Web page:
Main Line Times Column: Places We Love – Winter a-salt
This is the time of year when it has been months since dipping our toes in a stream and the importance of clean water is on a back burner in our minds. However, this is an absolutely critical time of year to be thinking about water quality. At the Lower Merion Conservancy, we are thinking about clean water all the time. This week’s Place We Love is the stream in your backyard and how it can benefit from your attention this time of year.
Over the last year and a half, the Conservancy has been part of a clean water initiative that stretches from southern New York State to New Jersey to Pennsylvania. It has one clear goal, move the needle on water quality in the next three years in the Delaware River Basin. The William Penn Foundation created and funded a significant project called the Delaware River Basin Initiative. A simple reason for this kind of investment is that 15 million people depend on it as their primary source of drinking water. It is a major investment in improving water quality that includes an unprecedented level of collaboration, research and capital improvements. The list of partners is long, and the projects are incredible.
The Conservancy is proudly in charge of moving the needle on water quality in one watershed in suburban Philadelphia, Cobbs Creek. Our work includes four streams: the East and West Branches of Indian Creek, Naylor’s Run and the main stem of the Cobbs. Our primary focus at this stage is the East Branch of Indian Creek. It begins on Montgomery Avenue near Evida, passes through Narbrook Park, under the ball fields in Narberth, through Shortridge Memorial Park and down past Lankenau hospital to enter Philadelphia at Morris Park. To cover such a large watershed we’ve engaged our colleagues at Saint Joseph’s University, Villanova University, Friends Central School, Darby Creek Valley Association and the Eastern Delaware County Stormwater Collaborative.
In suburban Philadelphia, the major threat to the quality of our water is stormwater—both its quantity and its quality. In PA, municipalities are responsible for managing stormwater at the local level. As a result, our approach to improving water quality is to work with our local municipalities to talk about these issues. We also work to talk to residents about what they can do on their own properties.
Beyond the conversations about stormwater, the Conservancy has secured a major grant from the National Fish and Wildlife Foundation to work with our partners in Narberth on three capital improvement projects that will better manage stormwater in the Borough. The Borough’s match is a great sign of their commitment to improving stormwater in the community. This work is a perfect compliment to the work Lower Merion Township just completed this past fall in Shortridge Memorial Park to stabilize the stream banks.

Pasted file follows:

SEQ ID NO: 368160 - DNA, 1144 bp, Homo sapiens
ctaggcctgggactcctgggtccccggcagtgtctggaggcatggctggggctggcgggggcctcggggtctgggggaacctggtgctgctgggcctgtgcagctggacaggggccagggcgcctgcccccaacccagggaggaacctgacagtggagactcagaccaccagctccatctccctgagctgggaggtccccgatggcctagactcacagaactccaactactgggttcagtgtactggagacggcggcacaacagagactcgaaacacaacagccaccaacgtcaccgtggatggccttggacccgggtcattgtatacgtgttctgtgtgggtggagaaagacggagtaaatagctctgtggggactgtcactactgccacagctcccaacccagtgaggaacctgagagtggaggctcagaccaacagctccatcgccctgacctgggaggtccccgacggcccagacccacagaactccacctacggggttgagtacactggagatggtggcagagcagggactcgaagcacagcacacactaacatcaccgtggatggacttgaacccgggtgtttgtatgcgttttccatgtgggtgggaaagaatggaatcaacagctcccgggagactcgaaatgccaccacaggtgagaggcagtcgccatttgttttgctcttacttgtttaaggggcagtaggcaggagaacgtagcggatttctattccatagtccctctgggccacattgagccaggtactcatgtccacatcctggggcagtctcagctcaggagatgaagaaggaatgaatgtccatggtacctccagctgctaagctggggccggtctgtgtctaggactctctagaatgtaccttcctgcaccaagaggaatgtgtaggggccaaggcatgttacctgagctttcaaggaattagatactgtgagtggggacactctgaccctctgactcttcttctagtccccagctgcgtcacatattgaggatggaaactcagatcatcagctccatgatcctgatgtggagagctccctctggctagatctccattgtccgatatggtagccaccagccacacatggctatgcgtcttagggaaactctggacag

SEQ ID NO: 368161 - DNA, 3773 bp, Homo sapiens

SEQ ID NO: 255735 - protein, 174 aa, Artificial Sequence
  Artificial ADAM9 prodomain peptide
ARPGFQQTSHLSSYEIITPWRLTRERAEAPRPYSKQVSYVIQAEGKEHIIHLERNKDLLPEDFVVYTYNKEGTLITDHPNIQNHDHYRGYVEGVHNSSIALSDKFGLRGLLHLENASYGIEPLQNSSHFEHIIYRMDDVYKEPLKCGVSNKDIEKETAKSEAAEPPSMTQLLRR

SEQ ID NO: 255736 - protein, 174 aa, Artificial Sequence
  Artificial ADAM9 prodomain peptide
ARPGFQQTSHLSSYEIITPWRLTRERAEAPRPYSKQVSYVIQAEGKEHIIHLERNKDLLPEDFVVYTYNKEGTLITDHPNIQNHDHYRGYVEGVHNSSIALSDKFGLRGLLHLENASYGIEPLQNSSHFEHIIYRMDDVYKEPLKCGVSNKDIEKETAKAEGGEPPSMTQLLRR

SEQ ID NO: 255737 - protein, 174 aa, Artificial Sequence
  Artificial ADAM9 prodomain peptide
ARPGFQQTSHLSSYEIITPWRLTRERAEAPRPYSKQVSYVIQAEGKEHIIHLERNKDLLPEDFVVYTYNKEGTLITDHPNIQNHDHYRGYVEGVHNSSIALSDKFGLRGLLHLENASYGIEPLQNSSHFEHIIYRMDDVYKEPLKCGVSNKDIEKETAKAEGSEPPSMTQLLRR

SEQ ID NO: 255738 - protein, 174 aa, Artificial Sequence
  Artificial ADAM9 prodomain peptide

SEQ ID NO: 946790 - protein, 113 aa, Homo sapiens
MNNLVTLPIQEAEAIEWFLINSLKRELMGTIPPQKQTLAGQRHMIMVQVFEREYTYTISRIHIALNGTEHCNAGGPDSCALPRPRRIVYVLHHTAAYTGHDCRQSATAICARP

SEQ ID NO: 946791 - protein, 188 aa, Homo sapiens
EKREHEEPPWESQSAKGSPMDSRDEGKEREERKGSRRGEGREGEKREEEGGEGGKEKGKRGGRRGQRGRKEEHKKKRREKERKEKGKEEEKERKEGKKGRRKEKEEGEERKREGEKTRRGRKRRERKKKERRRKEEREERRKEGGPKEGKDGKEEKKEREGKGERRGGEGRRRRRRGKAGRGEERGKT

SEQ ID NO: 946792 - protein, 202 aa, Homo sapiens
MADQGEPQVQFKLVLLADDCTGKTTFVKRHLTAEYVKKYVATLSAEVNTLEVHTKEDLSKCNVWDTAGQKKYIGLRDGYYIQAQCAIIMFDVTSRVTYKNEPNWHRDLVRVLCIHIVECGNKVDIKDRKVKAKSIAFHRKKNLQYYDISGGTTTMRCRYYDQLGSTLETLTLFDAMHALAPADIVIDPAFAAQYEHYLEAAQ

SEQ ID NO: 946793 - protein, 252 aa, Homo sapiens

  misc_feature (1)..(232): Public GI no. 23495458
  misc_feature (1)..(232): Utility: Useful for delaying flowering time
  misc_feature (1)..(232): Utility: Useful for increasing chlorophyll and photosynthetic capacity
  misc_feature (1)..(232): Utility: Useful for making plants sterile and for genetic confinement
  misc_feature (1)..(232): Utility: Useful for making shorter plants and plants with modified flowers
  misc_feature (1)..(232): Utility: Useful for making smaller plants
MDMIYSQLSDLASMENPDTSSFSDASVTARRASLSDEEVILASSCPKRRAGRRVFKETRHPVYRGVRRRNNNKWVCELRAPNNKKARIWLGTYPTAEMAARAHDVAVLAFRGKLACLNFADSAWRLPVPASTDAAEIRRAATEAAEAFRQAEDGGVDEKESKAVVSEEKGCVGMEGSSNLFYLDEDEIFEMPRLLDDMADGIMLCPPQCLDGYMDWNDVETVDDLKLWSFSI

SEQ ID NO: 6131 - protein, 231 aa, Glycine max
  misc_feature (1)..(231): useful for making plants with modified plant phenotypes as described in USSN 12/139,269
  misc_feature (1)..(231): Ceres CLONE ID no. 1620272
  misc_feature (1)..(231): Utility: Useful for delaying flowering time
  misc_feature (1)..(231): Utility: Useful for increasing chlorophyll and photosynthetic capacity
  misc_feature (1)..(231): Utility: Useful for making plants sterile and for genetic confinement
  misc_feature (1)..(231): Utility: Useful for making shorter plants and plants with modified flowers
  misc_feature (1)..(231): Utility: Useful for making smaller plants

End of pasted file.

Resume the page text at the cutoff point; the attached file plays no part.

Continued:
Combining these capital improvement projects with support from each person in the watershed in their own backyard will improve water quality in the East Branch of Indian Creek and beyond.
So, what can you do? The truth is whether you live near a stream or not, you live in a watershed. You have more of an opportunity to help local streams than you knew. This time of year, you can plan for spring/summer improvements such as installing a rain barrel, building a rain garden, or considering your landscaping needs. It is a good time of year to research companies that offer lawn care practices that protects streams from harmful chemicals and excess nutrients. If we do get a rainy day, take a walk and look at how water moves across your property. This will also be very informative.
In the throws of winter, it is also important to go easy on the salt. Scientists are finding that road salt stays in our soils for many months after winter leaching slowly into local waterways. In fact, scientists have measured that the Schuylkill River is becoming incrementally saltier over time. A fun occasional alternative to salting—use black oil sunflower seeds on your walkways. The birds will appreciate it and the hulls will heat up with some sunshine melting snow and giving traction.
As you begin to think spring, think about the local streams you love and what you can do in your own backyard. Your help is an essential part of moving the needle on water quality in the next three years.
Patty Thompson is the Executive Director of the Lower Merion Conservancy. She can be reached at firstname.lastname@example.org.